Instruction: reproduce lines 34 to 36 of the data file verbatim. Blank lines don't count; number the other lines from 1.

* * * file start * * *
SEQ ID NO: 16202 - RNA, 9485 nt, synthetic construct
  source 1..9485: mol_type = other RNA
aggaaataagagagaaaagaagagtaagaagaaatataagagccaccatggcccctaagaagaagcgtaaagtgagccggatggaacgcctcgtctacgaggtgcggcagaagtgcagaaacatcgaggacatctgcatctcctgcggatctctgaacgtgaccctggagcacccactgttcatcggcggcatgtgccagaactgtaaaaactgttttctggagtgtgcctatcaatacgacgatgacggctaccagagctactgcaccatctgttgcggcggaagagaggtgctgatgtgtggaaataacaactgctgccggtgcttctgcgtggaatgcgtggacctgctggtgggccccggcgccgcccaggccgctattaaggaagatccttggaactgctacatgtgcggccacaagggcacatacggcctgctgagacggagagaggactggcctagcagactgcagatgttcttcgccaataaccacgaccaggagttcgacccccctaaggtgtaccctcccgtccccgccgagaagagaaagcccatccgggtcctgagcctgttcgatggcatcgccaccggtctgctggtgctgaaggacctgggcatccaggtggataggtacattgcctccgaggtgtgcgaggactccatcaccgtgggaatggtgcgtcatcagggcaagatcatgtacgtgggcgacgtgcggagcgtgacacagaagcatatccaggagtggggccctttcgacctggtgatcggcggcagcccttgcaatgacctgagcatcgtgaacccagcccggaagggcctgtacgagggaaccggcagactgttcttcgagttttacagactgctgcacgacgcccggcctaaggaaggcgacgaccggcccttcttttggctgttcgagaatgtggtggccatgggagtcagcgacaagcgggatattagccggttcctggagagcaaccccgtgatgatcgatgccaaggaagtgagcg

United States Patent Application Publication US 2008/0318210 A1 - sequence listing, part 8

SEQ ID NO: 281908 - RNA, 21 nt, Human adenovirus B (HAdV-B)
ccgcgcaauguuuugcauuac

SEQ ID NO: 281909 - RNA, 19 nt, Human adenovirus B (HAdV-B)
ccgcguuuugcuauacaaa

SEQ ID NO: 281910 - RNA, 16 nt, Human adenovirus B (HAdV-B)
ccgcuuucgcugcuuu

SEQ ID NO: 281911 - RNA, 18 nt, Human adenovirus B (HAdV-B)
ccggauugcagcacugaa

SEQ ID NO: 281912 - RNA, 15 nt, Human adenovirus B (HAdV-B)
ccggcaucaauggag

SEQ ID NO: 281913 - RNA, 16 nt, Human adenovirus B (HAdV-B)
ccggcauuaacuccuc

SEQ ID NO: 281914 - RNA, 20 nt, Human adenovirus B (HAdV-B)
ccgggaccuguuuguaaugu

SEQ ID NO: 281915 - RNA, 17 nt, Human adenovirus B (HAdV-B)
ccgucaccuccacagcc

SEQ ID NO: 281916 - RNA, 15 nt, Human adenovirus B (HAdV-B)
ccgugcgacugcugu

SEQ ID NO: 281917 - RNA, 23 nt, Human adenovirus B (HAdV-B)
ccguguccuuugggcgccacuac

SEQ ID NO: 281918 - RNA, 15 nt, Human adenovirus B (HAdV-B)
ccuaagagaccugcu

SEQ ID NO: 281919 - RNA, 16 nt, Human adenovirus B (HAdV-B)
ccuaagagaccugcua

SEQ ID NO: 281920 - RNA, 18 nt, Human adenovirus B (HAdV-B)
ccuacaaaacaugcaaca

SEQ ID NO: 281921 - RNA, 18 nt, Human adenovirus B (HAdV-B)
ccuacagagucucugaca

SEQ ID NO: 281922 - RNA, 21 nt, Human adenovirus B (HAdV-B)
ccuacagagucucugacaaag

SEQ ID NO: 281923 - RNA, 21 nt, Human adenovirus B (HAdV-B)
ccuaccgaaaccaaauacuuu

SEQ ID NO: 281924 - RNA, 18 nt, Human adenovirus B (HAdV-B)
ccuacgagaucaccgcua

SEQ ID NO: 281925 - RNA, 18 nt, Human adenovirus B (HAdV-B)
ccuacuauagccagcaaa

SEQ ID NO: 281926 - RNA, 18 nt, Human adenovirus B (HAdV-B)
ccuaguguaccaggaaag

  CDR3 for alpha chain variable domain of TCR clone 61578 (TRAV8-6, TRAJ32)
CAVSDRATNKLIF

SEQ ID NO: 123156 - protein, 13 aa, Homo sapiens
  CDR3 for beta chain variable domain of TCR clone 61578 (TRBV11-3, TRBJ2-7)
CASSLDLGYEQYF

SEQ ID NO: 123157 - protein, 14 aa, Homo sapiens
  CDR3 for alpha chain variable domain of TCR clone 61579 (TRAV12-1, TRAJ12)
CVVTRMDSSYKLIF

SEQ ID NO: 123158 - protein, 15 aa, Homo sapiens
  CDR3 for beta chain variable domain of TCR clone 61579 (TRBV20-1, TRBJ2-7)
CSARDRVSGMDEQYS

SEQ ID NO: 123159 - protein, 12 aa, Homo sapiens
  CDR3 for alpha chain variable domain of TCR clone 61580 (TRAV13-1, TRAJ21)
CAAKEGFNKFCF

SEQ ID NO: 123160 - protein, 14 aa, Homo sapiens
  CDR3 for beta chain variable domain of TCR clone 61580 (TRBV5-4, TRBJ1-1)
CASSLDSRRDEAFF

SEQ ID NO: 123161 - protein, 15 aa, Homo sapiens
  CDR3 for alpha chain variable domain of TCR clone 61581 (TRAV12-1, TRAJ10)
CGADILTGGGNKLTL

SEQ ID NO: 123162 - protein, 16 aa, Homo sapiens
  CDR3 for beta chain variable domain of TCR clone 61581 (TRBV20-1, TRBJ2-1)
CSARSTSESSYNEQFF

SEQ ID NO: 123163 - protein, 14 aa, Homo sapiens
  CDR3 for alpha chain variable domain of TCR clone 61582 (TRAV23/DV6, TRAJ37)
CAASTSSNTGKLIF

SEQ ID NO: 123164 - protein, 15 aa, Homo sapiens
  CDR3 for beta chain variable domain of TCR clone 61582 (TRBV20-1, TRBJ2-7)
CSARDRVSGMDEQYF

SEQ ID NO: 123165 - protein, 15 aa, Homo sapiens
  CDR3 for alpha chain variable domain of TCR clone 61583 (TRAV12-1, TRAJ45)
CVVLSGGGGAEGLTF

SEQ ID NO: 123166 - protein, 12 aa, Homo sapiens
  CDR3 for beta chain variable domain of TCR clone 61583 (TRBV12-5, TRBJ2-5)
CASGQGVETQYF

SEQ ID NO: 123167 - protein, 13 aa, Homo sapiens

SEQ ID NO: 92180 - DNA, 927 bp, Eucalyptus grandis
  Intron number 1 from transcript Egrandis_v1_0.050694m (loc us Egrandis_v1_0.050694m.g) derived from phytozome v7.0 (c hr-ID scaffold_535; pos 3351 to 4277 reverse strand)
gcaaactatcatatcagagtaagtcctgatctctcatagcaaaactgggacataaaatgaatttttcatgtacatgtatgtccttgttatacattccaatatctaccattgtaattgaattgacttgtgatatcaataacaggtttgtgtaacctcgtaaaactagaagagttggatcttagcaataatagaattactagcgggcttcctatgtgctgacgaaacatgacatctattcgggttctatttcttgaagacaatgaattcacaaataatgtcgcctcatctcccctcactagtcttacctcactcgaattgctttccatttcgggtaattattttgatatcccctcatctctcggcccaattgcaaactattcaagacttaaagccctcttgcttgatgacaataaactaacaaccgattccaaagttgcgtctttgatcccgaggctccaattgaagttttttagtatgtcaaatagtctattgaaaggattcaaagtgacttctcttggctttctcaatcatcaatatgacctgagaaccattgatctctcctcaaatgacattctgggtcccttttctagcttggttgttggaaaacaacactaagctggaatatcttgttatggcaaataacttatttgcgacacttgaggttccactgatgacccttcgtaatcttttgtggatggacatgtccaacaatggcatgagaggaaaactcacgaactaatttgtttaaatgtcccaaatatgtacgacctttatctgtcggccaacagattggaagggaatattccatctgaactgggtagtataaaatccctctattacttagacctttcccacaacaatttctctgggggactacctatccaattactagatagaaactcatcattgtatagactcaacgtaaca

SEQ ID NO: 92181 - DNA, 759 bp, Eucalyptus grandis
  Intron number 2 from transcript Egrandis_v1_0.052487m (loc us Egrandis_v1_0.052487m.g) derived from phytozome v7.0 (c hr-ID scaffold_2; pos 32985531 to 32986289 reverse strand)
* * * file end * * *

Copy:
ccuacagagucucugacaaag

SEQ ID NO: 281923 - RNA, 21 nt, Human adenovirus B (HAdV-B)
ccuaccgaaaccaaauacuuu